In order to treat this room to a point where you can use it to record usable audio, you will need to use a directional microphone, a considerable amount of dampening and some diffusion of some of the wall reflections.

However, start with some carpet and see how you go.

  • 1
    Actually, as the ceiling appears to be sloped, the vertical reflections will be the least problematic. The parallel walls will have a much greater influence. Of course, a rug on a floor will help, but one on each of the wall pairs, one narrow, one wide, will have greater effect. Looking again at the picture - opening the doors may have a reasonable chance of improving some of the reflections, for "free".
    – Tetsujin
    Jan 8, 2017 at 10:33
  • @Tetsujin Yes, the ceiling is sloped, and then there is a weird ledge space diagonally above the door. Thanks for your interesting points!
    – Ryan
    Jan 8, 2017 at 12:56
  • parallel walls will only affect room modes and internal resonance modes. A shiny floor will most likely produce comb filtering at the microphone if there is nothing preventing a reflection off the floor. Comb filtering will do most to degrade audio quality.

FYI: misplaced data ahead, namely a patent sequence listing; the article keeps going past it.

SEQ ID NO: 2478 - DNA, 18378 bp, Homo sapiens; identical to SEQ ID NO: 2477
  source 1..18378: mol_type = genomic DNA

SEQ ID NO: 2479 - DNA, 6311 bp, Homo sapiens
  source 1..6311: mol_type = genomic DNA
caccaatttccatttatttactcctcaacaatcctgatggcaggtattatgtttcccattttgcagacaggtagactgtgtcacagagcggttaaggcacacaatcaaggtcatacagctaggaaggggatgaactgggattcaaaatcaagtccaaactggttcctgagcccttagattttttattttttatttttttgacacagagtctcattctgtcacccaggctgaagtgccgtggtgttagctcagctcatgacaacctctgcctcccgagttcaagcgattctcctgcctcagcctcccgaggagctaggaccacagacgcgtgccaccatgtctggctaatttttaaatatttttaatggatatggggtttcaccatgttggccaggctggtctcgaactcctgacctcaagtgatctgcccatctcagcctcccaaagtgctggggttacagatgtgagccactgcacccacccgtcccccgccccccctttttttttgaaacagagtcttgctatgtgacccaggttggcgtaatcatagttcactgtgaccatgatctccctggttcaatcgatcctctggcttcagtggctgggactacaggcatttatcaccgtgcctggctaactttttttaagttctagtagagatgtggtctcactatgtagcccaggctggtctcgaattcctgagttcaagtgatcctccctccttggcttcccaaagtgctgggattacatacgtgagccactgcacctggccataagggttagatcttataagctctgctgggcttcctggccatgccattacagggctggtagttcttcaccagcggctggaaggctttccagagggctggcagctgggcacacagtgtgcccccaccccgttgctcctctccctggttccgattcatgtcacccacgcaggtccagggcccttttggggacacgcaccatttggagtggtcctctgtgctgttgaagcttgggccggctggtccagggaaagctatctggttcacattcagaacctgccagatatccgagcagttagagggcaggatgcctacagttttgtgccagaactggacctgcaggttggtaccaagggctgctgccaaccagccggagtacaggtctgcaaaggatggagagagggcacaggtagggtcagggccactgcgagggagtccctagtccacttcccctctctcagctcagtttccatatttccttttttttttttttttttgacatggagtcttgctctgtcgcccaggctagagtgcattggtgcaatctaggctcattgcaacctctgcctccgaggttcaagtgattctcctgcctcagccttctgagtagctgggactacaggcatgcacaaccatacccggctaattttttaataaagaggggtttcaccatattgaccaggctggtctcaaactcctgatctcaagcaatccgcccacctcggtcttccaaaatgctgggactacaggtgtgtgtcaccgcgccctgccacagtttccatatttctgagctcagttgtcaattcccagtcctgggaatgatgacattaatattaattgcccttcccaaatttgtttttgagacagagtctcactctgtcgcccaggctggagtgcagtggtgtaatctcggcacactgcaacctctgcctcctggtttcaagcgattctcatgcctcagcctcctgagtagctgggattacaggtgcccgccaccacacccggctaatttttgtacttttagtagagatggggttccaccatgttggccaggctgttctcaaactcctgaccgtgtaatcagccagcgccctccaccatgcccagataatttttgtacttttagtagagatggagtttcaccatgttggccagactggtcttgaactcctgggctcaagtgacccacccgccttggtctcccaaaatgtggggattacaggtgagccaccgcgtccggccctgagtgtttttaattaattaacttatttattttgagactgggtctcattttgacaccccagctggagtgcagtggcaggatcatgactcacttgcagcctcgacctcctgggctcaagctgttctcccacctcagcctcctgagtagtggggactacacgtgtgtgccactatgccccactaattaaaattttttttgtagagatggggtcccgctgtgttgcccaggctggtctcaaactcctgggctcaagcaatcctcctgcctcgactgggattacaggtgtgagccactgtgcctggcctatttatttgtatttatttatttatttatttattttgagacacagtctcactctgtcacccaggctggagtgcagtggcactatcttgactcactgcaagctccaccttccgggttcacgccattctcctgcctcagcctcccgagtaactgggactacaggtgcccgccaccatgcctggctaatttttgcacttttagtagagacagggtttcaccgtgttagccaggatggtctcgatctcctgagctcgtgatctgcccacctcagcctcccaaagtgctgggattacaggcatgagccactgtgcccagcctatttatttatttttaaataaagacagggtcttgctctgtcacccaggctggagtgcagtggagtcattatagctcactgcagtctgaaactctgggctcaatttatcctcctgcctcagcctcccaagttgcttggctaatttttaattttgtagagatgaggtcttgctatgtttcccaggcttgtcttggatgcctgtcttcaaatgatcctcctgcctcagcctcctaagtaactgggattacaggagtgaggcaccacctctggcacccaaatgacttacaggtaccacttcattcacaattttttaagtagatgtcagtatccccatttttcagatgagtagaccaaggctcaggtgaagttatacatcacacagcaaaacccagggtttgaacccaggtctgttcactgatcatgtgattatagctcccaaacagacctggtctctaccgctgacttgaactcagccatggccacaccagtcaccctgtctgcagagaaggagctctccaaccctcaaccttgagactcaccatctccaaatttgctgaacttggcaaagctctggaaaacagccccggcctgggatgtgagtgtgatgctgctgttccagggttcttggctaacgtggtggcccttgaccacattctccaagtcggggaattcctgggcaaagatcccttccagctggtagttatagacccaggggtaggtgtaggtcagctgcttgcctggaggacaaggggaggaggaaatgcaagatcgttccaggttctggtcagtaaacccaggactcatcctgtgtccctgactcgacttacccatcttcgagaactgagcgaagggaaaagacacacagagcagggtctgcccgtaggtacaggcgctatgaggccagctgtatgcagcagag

– Mark
    Jan 8, 2017 at 13:07
  • @Mark Comb filtering is produced by un-even surfaces, Stand close to a professional diffuser and you'll hear comb filtering . Put your monitors on top of your console meterbridge and again youll get comb filtering. Read my edited answer for the carpet clarification.
    – frcake
    Jan 8, 2017 at 13:28
  • @frcake Comb Filtering is not produced by un-even surfaces, it is produced by the coincident arrival of both direct and delayed audio at a transducer causing frequency dependent destructive interference. Carpet was not recommended for absorption - only for low-cost and affordable reduction of first reflections off an obviously reflective floor.
    – Mark
    Jan 8, 2017 at 13:31

Your Answer

By clicking “Post Your Answer”, you agree to our terms of service and acknowledge you have read our privacy policy.

Not the answer you're looking for? Browse other questions tagged or ask your own question.